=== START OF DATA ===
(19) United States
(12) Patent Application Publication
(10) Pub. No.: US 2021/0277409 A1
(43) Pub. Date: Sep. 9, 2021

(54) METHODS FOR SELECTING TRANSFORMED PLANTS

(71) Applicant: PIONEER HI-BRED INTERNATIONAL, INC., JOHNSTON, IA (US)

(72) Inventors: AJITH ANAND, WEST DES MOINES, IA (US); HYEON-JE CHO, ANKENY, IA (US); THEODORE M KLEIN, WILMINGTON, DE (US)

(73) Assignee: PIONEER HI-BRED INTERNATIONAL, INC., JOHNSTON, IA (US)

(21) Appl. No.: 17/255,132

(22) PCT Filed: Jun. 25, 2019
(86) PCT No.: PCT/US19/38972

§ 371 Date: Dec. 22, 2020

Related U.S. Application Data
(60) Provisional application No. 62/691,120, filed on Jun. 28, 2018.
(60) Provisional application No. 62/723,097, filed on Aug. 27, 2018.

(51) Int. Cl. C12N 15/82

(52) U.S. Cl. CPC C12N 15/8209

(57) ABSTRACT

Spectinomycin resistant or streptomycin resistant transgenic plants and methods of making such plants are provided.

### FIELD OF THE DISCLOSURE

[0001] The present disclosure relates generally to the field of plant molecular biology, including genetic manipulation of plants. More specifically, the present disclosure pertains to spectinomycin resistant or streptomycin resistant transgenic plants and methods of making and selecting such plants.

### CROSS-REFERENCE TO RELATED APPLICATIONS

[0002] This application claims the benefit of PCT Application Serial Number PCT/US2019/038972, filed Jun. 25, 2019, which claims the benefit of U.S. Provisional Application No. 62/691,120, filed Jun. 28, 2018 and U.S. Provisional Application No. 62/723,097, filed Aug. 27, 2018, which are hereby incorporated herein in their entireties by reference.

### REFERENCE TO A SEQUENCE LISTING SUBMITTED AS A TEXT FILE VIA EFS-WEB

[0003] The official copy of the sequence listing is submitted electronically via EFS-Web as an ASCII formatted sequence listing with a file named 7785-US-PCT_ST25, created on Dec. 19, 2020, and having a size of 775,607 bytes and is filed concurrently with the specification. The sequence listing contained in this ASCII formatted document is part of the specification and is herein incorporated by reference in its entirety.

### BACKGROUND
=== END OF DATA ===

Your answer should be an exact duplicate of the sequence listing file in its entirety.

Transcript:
(19) United States
(12) Patent Application Publication
(10) Pub. No.: US 2021/0277409 A1
(43) Pub. Date: Sep. 9, 2021

(54) METHODS FOR SELECTING TRANSFORMED PLANTS

(71) Applicant: PIONEER HI-BRED INTERNATIONAL, INC., JOHNSTON, IA (US)

(72) Inventors: AJITH ANAND, WEST DES MOINES, IA (US); HYEON-JE CHO, ANKENY, IA (US); THEODORE M KLEIN, WILMINGTON, DE (US)

(73) Assignee: PIONEER HI-BRED INTERNATIONAL, INC., JOHNSTON, IA (US)

(21) Appl. No.: 17/255,132

(22) PCT Filed: Jun. 25, 2019
(86) PCT No.: PCT/US19/38972

§ 371 Date: Dec. 22, 2020

Related U.S. Application Data
(60) Provisional application No. 62/691,120, filed on Jun. 28, 2018.
(60) Provisional application No. 62/723,097, filed on Aug. 27, 2018.

(51) Int. Cl. C12N 15/82

(52) U.S. Cl. CPC C12N 15/8209

(57) ABSTRACT

Spectinomycin resistant or streptomycin resistant transgenic plants and methods of making such plants are provided.

### FIELD OF THE DISCLOSURE

[0001] The present disclosure relates generally to the field of plant molecular biology, including genetic manipulation of plants. More specifically, the present disclosure pertains to spectinomycin resistant or streptomycin resistant transgenic plants and methods of making and selecting such plants.

### CROSS-REFERENCE TO RELATED APPLICATIONS

[0002] This application claims the benefit of PCT Application Serial Number PCT/US2019/038972, filed Jun. 25, 2019, which claims the benefit of U.S. Provisional Application No. 62/691,120, filed Jun. 28, 2018 and U.S. Provisional Application No. 62/723,097, filed Aug. 27, 2018, which are hereby incorporated herein in their entireties by reference.

### REFERENCE TO A SEQUENCE LISTING SUBMITTED AS A TEXT FILE VIA EFS-WEB

[0003] The official copy of the sequence listing is submitted electronically via EFS-Web as an ASCII formatted sequence listing with a file named 7785-US-PCT_ST25, created on Dec. 19, 2020, and having a size of 775,607 bytes and is filed concurrently with the specification. The sequence listing contained in this ASCII formatted document is part of the specification and is herein incorporated by reference in its entirety.

### BACKGROUND